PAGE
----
Wednesday, April 27, 2016

SATURDAY, April 16, 2016. New Students and Demo Flights

Visibility: Unlimited
Wind: N at 8 kts
Altitudes: More than 6000 msl
Time Aloft: More than 3 hours
Max Lift: 800 fpm
Temperature: Low 80's
Comment: Good lift and heavy sink.
Tow pilot: Julie Butler, Yutaka Buto, Harold Gallagher

Beautiful weather, a smaller crowd of high performance sailplanes, student training, a new demo flight,, visitors from Mendota, and the beginning of cross-country camp week rounded out the day's activities.

Ethan Ronat's glider is first. But others are assembling. Dave Greenhill, and Peter Deane were welcome visitors.
Bob Glougie is chatting with Paul Scheibel while Joe Oldham prepares Big Bird.
The launch line is busy as usual. Peter Deane is first, Julie Butler second, and Dave Greenhill third. All long flights.
Paul Finck visited and waited patiently for his chance at a demo flight.
Paul's photo of the gliders lined up for launch.
Joe Oldham working hard to maintain thermal updraft. He did very well.
Joe is working with a three knot thermal, but saw much stronger during his flight.
Charles Johnson, Director of Administrative Services for Mendota and his kids.
Andy Reistetter waiting for the tow plane to return and launch him.
Paul Scheibel's first glider flight, courtesy of his lady friend as a gift to him.
Yes, Paul was excited and really enjoyed the time aloft. He did two flights as a member of CCSC.
Larry Johnson went flying with Thomas Greenhill while Thomas' Dad flew in the mountains.
The hills behind Tar Peak are still green.

Well, not all of them. But rain is forecast over the next two weeks so they may stay green.

At least there are enough green hills to make the scenery enjoyable from a glider.

The Cross-Country camp, headed by Julie Butler, began with flights on Saturday, April 16th and continued on through Wednesday, April 20th. There were excellent flights, at high altitudes, for long duration, and everyone had a great time. Ethan Ronat send the following photos of his flight on April 18th and it's fairly representative of all the flights during the Camp. Strong thermals, even at high altitudes, were nearly common for the time everyone spent soaring. The names of the participants were not available at press time, but most of the high performance gliders and pilots were on hand.

Note the vario pegged while at 11,000 msl.
The cloud forms were most beautiful in all quadrants while Ethan flew all afternoon.
Ethan captioned this, "Many clouds were cheating". Not sure what he meant.
First view of Hernandez Reservoir below the glider.
Another view of Hernandez Reservoir and one of the possible landout spots.
Ethan is on his way back to Avenal after a beautiful flight.
Beautiful sunset over the glider just before it gets put away in the hangar.
The end of a great day of soaring in the Temblor Mountains both north and south.
We'll look for you next Saturday. Bring friends and neighbors for a fun time even if it's just on the patio watching the launches and landings.


Harold Gallagher

Sunday, April 10, 2016

SATURDAY, April 9, 2016. Two BFR's and afternoon rain.

Visibility: Unlimited below the cloud deck.
Wind: Southeast at 5-8 kts.
Altitudes: 4000+ just below cloud deck.
Time Aloft: About an hour: Sergio Grajeda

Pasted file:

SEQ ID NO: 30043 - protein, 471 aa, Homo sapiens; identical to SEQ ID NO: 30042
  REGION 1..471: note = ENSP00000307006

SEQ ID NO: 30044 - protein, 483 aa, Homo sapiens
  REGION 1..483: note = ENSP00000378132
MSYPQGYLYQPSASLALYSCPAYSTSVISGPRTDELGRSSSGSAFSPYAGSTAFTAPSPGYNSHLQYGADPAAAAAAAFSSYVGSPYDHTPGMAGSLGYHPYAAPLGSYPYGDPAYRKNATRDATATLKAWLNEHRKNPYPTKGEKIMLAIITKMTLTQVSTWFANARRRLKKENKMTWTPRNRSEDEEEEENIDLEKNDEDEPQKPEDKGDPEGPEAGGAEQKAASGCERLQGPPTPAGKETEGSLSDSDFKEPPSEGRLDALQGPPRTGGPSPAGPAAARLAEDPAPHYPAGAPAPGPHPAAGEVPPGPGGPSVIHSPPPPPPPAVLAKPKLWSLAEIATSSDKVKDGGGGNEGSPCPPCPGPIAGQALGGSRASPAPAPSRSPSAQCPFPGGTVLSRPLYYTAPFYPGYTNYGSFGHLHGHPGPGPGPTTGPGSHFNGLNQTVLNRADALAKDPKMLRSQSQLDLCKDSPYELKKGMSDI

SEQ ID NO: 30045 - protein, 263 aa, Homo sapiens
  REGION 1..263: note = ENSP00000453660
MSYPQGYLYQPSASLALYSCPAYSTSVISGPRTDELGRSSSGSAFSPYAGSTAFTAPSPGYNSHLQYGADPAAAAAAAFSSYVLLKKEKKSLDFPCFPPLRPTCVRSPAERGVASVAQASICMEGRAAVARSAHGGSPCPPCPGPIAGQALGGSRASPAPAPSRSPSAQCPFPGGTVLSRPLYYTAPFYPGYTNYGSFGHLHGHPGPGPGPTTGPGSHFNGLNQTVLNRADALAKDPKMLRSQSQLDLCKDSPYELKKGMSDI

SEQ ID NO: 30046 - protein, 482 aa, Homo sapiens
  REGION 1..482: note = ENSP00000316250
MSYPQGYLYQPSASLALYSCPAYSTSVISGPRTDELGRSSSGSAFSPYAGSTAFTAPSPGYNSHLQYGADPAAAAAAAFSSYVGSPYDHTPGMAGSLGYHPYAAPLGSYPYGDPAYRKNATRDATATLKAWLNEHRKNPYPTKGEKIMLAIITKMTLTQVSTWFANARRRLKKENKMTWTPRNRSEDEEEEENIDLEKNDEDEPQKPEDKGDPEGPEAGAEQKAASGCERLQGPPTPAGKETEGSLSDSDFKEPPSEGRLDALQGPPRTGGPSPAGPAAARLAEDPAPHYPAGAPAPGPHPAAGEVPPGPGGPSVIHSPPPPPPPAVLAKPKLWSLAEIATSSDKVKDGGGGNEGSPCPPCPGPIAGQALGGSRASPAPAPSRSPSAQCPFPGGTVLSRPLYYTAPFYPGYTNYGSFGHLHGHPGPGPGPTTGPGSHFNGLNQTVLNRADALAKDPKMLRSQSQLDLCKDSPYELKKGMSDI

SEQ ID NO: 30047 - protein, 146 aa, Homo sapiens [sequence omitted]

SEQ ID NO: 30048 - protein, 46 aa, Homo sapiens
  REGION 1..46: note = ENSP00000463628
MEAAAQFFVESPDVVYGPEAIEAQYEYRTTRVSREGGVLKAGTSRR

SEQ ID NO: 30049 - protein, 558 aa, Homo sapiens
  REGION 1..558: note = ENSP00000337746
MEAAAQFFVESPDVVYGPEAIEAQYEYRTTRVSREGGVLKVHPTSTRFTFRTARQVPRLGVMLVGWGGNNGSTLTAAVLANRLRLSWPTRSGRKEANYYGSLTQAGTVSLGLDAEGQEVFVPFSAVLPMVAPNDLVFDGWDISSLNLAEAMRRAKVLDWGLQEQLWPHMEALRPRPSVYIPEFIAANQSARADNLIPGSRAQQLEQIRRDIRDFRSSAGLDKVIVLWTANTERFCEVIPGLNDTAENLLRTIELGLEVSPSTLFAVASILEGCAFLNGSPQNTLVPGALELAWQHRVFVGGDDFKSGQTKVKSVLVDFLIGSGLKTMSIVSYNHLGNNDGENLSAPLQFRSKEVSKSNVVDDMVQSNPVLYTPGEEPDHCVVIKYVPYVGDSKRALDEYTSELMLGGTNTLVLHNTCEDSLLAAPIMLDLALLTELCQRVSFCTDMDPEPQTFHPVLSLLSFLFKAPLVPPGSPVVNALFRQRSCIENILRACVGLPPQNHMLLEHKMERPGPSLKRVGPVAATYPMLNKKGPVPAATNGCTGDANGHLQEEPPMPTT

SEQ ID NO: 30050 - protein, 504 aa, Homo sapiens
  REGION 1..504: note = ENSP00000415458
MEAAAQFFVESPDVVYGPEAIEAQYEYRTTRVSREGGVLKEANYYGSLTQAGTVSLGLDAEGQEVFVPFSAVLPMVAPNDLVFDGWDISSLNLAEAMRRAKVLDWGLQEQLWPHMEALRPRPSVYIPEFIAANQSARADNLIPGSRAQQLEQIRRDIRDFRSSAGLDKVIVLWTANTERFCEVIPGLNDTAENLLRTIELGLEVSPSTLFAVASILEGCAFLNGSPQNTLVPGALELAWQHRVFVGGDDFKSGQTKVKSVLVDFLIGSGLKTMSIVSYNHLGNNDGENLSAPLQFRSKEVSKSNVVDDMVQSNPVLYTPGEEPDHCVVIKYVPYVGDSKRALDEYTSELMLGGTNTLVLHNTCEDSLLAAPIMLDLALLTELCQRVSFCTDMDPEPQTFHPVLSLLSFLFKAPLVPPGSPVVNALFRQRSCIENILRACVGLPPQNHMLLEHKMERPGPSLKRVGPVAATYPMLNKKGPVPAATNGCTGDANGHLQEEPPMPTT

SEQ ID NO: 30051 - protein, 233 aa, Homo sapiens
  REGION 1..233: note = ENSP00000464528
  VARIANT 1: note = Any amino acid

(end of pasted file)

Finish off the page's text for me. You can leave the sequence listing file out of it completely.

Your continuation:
Max Lift: 500 fpm.
Temperature: High 60's, low 70's.
Comment: No high performance sailplanes flew today.
Tow pilot: Jim Rickey, who else?


Cold, windy, and later on, rainy. That's about the only way to describe the day. But there was enough lift below the darkest clouds to satisfy most everyone who wanted to fly. But there weren't that many out here today, other than students and some work on the tow plane by Jim Rickey and Martin Caskey. It was pretty unusual that no high performance glider was flying today. I can understand that because the cloud deck was low enough to challenge even the best of the gliders. So we had fun with the two 2-33's because there was virtually no waiting for a tow.

Jim Rickey observed at about 5:00 pm the sound of a thunderstorm and shortly thereafter the rains came heavier and longer. So that puts our planned Sunday ops in limbo until we can assess the runway condition. There are quite a few signed up for tomorrow and hopefully the rain didn't soak in too much.

The colors of Nature are as beautiful as a 10 knot thermal.
The top of the Kettleman Hills is the best view of our valley at Avenal.
Main Street in Avenal with majestic mountains in the background.
Alex Caldwell's van making its way down 269 to the gliderport. The solar farm is ahead.
Nothing subtle about our beloved Big Bird. It brightens up everything around.
Sergio Grajeda on his way to a really good flight of nearly an hour, above the gliderport.
A promising sky, a beautiful glider, and a competent student pilot make a great combination.
Sergio doing nicely on tow behind Jim Rickey in the tow plane.
Peter Sahlberg completes his BFR with three fun flights.
Jim Rickey is always available for help around the gliderport. Thanks, Jim.
Martin Caskey riding shotgun for the trip back to launching on runway 13L.
The dark rain clouds began gathering over the K-Hills but there was lift over there as well.
Big Bird looks good from any angle. Here it waits launch when our tow is completed.
Strange that only the two training gliders were in use today.
Over the top of Peter Sahlberg's hat, the view is interesting of the dark clouds ahead.

After Peter's BFR, my good friend, Joe Oldham, arrived with his buddy, Joey, and they enjoyed the beautiful scenery and the launching activities. Then Joe and I went aloft for what was going to be two training flights but the rain came and we went ... back to the tie down for Big Bird. The mud was quickly beginning to attach itself to my shoes. Joe is doing quite well and solo now doesn't seem so far off to him as he gets more and more excited. With so much flying experience I suspect he'll solo in short order after demonstrating the safety maneuvers and knowledge of glider operations.